Read the complete guidelines for entry here
Audubon Photography Awards
Entry Period (The contest is now closed)
The contest's entry period runs from January 10, 2024 to February 28, 2024. The deadline for entries on February 28 is 12 p.m. (noon) EST; 11 a.m. CST; 10 a.m. MST; and 9 a.m. PST.
Amateur, Professional, Youth, Grand, Plants for Birds, Fisher, and Birds in Landscapes Prizes:
- Sabine Meyer, photography director, National Audubon Society
- Lucas Bustamante, environmental photojournalist and biologist
- Preeti Desai, senior director of social media & storytelling, National Audubon Society
- Daniel Dietrich, wildlife photographer, filmmaker, and cinematographer
- Morgan Heim, conservation photographer, filmmaker and adventurer
- Noppadol Paothong, nature/conservation photographer
- Marlene Pantin, partnerships manager, plants for birds, National Audubon Society
- Mike Fernandez, video producer, National Audubon Society
- Rina Miele, wildlife photographer and videographer
- Mick Thompson, wildlife photographer and videographer
Female Bird Prize:
- Alyssa Bueno, wildlife photographer, Feminist Bird Club
- Founders of the Galbatross Project: Brooke Bateman, Stephanie Beilke, Martha Harbison, Joanna Wu
- Cash prizes up to $5,000!
- Special Youth prize: Six days at winner’s choice of one (1) Hog Island Audubon Camp for Teens during the 2024 season. If winner will be age 18 at the time of the camp, they may choose the Costa Rica Teen Camp or another Hog Island Audubon Camp session for which they are eligible.
No purchase necessary. Contest begins 1/10/24 and ends 2/28/24. Must be at least 13 years of age and a legal resident of the 50 U.S. states, the District of Columbia, or Canada (excluding Quebec) to enter. Entrants under the age of majority must get permission from their parent or legal guardian to enter. Subject to Official Rules, which will be posted 1/10/24. Void where prohibited.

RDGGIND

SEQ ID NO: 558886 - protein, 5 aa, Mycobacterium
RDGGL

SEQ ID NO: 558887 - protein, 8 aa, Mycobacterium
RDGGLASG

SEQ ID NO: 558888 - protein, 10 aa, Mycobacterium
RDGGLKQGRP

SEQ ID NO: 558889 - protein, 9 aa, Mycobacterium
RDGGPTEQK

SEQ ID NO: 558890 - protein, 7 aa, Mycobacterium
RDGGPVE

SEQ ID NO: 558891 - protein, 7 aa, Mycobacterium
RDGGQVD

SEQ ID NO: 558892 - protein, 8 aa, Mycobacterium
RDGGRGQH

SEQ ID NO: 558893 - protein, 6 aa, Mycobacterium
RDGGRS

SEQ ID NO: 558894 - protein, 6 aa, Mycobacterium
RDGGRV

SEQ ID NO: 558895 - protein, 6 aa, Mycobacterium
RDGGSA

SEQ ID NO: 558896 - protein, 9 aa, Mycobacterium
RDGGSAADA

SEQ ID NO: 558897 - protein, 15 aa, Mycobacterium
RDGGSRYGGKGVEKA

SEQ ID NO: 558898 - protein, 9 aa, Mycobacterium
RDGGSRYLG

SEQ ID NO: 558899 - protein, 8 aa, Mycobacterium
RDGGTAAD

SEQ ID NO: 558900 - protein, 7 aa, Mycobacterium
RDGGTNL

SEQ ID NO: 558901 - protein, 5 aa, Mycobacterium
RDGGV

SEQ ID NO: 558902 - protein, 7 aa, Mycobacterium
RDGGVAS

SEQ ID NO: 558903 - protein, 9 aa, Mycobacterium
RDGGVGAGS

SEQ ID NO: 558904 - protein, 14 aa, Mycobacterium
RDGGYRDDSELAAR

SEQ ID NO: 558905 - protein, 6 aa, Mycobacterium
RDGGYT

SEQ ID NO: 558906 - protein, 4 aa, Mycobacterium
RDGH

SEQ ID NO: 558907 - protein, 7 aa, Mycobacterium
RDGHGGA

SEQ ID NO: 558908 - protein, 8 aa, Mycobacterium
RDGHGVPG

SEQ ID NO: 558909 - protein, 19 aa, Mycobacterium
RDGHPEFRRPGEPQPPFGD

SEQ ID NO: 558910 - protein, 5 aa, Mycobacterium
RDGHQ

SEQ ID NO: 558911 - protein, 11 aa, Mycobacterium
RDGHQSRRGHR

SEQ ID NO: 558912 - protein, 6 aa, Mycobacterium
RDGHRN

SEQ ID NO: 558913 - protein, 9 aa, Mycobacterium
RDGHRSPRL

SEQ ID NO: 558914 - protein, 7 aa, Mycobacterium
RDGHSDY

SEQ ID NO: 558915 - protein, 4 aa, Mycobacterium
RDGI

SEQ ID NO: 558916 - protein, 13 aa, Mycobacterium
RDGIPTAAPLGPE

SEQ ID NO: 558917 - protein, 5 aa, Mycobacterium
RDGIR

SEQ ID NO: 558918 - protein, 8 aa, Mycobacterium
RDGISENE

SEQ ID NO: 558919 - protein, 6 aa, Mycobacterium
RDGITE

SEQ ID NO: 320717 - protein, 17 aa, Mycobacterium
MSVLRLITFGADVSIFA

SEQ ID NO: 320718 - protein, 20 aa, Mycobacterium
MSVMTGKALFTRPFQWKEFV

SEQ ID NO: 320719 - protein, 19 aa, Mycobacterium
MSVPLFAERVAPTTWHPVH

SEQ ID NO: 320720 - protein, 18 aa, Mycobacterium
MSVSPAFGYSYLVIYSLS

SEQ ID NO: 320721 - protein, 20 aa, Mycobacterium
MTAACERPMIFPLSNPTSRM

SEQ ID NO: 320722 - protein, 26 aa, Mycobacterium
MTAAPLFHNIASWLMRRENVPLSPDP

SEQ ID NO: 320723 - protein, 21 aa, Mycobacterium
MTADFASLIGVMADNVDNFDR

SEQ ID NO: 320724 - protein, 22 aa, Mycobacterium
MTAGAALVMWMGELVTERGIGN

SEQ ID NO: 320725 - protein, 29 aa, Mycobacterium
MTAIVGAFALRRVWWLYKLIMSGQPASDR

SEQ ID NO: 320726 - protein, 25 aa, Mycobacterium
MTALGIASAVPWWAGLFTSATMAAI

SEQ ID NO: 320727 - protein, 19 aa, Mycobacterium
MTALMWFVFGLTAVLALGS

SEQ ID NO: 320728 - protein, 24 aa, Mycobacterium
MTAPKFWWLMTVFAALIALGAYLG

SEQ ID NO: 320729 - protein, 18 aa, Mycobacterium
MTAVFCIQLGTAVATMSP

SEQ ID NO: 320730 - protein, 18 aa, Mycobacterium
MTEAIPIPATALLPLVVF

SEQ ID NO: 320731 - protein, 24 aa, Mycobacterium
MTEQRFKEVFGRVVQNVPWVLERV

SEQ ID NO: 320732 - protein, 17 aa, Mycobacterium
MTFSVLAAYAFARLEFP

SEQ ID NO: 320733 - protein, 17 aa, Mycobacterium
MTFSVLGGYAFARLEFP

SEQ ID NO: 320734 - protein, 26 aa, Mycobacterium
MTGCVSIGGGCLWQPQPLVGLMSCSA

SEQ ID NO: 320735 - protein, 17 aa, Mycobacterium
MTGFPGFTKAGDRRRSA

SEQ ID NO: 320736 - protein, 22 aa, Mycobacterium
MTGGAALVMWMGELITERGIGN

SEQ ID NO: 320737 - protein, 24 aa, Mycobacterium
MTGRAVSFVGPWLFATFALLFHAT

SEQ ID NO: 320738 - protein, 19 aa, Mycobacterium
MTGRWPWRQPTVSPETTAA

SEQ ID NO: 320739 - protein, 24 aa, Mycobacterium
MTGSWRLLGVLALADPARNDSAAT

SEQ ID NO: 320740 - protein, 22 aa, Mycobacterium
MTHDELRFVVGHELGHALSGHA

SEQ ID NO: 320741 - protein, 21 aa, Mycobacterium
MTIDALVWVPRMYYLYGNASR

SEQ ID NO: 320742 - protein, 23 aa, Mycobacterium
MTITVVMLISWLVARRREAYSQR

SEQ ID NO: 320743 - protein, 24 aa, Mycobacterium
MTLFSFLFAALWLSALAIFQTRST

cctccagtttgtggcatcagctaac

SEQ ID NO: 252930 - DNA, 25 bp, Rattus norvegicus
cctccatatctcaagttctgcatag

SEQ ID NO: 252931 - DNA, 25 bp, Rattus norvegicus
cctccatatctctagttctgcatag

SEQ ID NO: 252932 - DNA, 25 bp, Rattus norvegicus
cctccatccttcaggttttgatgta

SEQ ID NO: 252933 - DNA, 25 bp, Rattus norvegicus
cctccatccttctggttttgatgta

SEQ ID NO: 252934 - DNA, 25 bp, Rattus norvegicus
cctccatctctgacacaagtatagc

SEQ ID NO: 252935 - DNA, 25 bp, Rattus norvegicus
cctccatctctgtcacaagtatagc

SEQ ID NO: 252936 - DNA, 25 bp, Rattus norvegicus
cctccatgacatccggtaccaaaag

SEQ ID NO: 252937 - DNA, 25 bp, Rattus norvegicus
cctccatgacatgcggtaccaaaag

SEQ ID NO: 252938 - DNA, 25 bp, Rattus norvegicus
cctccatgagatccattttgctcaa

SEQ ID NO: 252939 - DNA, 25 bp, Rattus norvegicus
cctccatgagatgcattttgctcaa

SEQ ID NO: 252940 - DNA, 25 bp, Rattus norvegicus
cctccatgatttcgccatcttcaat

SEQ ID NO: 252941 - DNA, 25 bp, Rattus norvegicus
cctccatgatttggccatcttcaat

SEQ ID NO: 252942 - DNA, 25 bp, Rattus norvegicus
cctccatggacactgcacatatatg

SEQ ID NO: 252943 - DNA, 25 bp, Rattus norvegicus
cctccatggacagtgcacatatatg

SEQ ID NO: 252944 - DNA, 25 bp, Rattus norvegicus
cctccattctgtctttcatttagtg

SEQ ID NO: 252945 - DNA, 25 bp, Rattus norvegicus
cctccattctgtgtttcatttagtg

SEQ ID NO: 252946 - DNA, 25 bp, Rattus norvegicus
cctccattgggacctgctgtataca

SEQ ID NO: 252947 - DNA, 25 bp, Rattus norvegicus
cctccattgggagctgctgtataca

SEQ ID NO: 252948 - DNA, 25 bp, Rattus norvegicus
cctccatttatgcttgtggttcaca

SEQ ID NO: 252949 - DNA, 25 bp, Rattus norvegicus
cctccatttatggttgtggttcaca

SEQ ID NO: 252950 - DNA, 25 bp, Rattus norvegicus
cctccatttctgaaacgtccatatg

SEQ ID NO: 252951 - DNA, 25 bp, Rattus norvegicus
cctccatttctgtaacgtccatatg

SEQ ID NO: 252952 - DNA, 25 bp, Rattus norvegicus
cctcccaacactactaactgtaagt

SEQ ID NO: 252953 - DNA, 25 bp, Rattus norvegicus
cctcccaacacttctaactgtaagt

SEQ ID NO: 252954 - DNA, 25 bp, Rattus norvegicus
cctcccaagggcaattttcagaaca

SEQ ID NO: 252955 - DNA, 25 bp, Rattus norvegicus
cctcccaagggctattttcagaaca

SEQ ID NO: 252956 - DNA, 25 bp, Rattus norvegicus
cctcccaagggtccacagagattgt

Find out more about our cash prizes up to $5,000, and a special immersive trip for the Youth division.
Your work will be evaluated by a panel of bird photographers, videographers and experts.
Everything you need to know about our rules and submission requirements.
Showing a sincere respect for birds and the places they need to thrive must come before getting that perfect photo or footage. Here’s how to capture bird photos and videos responsibly.
We pored through thousands of entries for this year’s contest. The best images show birds going about their business in the most glorious ways.
End up with the best image possible—without compromising its integrity.
To capture clear sounds of birds that you are filming, follow these tips.
These tips can help you get great pictures and keep the birds you love safe with a guide or group.
Playing audio clips of songs and calls is a common tool for getting better shots, but it can also be detrimental to birds and their chicks.
Some people question the difference between the two. There is a distinction—and the lives of birds depend on it.
Do you want to capture a bird's every dip and call? Learn to break in the video mode on your digital camera.
Great light and the right perspective can really turn your shot around.
Tara Tanaka, a videographer and judge for the new video category in this year's Audubon Photography Awards, shares her how-to guide for managing video files and key editing tips.
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